Pet Safety Tips for Halloween

dog-ghostsHalloween can be an exciting time for children, but not always safe for pets. Follow these tips to ensure your pet feels safe and secure.

1.) Keep pets away from candy! All forms of chocolate –especially baking or dark chocolate can be dangerous, even lethal, for dogs and cats. Symptoms of chocolate poisoning may include vomiting, diarrhea, rapid breathing, increased heart rate and seizures. Halloween candies containing the artificial sweetener xylitol can also be poisonous to dogs. Even small amounts of xylitol can cause a sudden drop in blood sugar and result in loss of coordination or seizures.

2.) Give pets a safe place to relax away from the door. Not only will your door be constantly opening and closing, but strangers will be dressed in unusual costumes and yelling loudly. This, of course, can be very scary for our furry friends. Dogs that are especially territorial may become anxious and behave unexpectedly showing aggression or growling toward trick-or-treaters.  Giving your pet a peaceful place to relax away from the commotion that is secure will not only keep them calm, but prevent them from escaping from the front door.

3.) Don’t leave your pet in the yard unattended. As much as we hate to admit it, there may be some pranksters causing problems in the neighborhood. Don’t let your pet be the victim of teasing, injury or worse. Although these behaviors are not likely and are totally inexcusable, they can be easily prevented by keeping your pet safe with you.

4.) Keep Halloween plants such as pumpkins and corn out of reach. Although they are relatively nontoxic, such plants may result in gastrointestinal upset should your pet ingest them in large quantities. Intestinal blockage can even occur if large pieces are swallowed.

5.) Keep wires and electrical cords out of reach. If chewed, your pet could cut themselves on shards of glass or plastic, or receive a possible life-threatening electrical shock.

6.) Keep your outdoor cats inside several days before and several days after Halloween. Black cats especially are at risk from pranks and other cruelty-related incidents. In fact, most shelters do not adopt out black cats during the month of October as a safety precaution. Other cats that are used to being outside may get spooked from all the commotion in the neighborhood and find themselves further from home.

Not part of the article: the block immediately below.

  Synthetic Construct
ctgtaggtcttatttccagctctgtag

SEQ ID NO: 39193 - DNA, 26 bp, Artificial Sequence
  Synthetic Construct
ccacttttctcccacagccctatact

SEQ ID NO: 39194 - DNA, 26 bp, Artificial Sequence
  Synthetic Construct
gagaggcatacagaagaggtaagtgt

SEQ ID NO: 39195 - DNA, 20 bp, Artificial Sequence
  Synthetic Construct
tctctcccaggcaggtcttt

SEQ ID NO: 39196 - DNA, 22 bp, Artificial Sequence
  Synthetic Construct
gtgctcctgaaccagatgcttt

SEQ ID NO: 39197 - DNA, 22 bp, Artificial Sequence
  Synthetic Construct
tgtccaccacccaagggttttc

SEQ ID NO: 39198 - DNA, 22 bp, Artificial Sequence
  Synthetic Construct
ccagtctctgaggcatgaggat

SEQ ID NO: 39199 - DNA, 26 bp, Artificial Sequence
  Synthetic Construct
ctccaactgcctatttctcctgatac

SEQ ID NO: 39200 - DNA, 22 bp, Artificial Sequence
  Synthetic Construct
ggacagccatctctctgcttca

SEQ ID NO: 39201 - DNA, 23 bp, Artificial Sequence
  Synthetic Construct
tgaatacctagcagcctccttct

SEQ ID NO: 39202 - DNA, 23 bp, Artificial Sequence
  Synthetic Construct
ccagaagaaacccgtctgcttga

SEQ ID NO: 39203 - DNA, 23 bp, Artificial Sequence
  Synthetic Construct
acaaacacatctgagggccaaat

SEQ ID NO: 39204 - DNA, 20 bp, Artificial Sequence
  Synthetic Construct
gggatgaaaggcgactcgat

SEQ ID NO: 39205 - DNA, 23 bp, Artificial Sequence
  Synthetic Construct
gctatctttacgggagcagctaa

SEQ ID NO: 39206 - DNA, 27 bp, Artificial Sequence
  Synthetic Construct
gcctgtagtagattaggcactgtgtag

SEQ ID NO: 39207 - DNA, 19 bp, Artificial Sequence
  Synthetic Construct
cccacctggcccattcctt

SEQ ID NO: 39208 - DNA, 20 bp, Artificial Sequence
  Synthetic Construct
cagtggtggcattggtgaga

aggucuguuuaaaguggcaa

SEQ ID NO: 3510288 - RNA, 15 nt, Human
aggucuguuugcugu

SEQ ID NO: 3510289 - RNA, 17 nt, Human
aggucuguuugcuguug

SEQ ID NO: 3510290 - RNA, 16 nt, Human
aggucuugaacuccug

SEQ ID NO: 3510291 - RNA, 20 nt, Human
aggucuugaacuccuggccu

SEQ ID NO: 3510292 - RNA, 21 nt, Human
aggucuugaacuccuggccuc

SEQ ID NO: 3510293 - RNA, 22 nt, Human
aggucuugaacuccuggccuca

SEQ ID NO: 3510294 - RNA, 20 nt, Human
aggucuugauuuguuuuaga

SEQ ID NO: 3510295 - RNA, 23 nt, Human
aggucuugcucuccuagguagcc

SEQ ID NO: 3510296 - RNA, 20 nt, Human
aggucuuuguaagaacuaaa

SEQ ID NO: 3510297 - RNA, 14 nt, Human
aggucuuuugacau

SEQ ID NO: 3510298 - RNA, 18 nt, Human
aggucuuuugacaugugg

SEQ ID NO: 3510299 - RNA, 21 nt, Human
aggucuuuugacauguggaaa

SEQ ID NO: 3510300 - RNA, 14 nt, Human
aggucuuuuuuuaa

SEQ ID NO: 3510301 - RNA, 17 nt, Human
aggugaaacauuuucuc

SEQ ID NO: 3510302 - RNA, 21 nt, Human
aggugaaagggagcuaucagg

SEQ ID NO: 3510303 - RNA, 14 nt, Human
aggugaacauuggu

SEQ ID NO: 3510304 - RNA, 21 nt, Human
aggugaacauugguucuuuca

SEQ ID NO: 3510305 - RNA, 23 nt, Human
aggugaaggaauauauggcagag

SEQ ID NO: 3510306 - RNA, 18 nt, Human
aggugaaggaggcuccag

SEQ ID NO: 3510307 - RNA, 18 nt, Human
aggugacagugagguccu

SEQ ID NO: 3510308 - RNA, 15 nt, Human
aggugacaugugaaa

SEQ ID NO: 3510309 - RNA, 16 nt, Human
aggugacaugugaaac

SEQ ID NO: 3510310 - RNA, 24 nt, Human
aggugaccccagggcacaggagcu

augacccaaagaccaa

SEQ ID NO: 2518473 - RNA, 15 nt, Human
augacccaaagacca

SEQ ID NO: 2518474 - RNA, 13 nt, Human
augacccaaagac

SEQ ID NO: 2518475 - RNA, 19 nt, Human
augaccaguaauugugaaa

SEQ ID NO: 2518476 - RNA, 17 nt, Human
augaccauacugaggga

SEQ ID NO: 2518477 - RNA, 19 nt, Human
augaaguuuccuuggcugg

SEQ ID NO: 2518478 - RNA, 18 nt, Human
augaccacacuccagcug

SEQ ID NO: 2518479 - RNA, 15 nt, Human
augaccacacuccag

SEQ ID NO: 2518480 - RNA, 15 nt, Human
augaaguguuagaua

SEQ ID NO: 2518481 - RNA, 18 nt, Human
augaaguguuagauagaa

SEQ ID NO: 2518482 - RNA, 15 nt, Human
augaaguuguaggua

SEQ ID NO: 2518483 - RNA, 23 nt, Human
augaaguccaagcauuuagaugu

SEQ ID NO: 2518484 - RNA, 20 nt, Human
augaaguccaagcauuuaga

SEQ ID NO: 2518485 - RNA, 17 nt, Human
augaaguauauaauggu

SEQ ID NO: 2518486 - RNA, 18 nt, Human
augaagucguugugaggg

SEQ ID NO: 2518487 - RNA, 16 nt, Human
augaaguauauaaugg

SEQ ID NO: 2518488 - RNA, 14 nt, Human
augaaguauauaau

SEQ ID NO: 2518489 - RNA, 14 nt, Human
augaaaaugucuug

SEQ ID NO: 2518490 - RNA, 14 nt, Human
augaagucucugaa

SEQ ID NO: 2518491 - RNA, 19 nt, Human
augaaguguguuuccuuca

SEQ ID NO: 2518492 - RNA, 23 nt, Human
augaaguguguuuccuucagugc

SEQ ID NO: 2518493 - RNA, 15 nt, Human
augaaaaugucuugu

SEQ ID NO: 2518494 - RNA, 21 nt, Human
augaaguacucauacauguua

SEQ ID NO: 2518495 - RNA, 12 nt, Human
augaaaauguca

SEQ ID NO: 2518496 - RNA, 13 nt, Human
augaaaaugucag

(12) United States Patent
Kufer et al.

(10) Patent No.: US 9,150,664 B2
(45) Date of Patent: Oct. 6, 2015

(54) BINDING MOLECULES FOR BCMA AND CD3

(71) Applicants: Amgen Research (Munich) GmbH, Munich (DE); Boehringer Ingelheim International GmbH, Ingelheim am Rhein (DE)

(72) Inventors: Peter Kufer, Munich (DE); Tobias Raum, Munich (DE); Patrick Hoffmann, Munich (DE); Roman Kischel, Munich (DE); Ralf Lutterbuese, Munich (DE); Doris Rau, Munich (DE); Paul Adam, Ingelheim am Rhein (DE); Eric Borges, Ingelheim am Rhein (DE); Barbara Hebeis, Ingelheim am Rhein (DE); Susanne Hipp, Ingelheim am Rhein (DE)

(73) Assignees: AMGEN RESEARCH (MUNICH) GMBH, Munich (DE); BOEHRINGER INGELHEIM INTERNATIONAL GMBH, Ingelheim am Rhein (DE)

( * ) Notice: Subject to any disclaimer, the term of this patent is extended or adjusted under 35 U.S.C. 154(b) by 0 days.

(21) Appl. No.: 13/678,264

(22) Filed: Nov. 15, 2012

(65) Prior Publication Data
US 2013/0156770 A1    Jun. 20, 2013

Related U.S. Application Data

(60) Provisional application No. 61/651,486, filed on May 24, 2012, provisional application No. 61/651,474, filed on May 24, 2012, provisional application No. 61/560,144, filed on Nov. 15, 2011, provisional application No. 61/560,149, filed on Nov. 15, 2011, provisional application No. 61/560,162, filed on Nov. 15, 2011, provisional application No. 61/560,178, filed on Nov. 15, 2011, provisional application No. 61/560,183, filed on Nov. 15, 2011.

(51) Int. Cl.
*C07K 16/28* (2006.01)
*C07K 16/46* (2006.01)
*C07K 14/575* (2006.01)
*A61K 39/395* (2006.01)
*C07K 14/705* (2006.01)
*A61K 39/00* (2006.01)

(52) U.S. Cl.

7.) Don’t dress your pet in a costume unless you know they will love it, and be safe to wear it. If you decide to dress your pet up, make sure the costume in not annoying or unsafe. It should not constrict movement, hearing, or the ability to breath, bark or meow. Although tempting it may not be the best idea to bring your pet out for trick-or-treating. Even the best-trained dogs can get spooked or aggressive in the noise and confusion of Halloween. If you do decide to bring them, a piece of reflective tape will also help your pet be seen by passing cars in the darkness of the spooky night!

8.) IDs, Please! If your dog or cat should escape and become lost, having the proper identification will increase the chances that they be safely returned. If your pet is microchipped, you may still want to consider putting an obvious collar with tags as well. Just make sure the information is up to date. If your pet is microchipped, make sure it has been properly registered.

9.) Unhook your doorbell and leave a sign to please knock. The constant ringing may create stress in your pet that might not think of. If you have a peaceful space set up for your pet away from the noise, asking trick-or-treaters to knock instead of ring the bell will only help keep the calm.

10.) Avoid hazardous decorations such as flaming jack-o-lanterns and candles which can burn your pet. Avoid streamers or ribbons around your pet’s neck, on their collars or costumes or in your home. These items are frequently ingested and may cause intestinal obstruction which requires surgery to remove.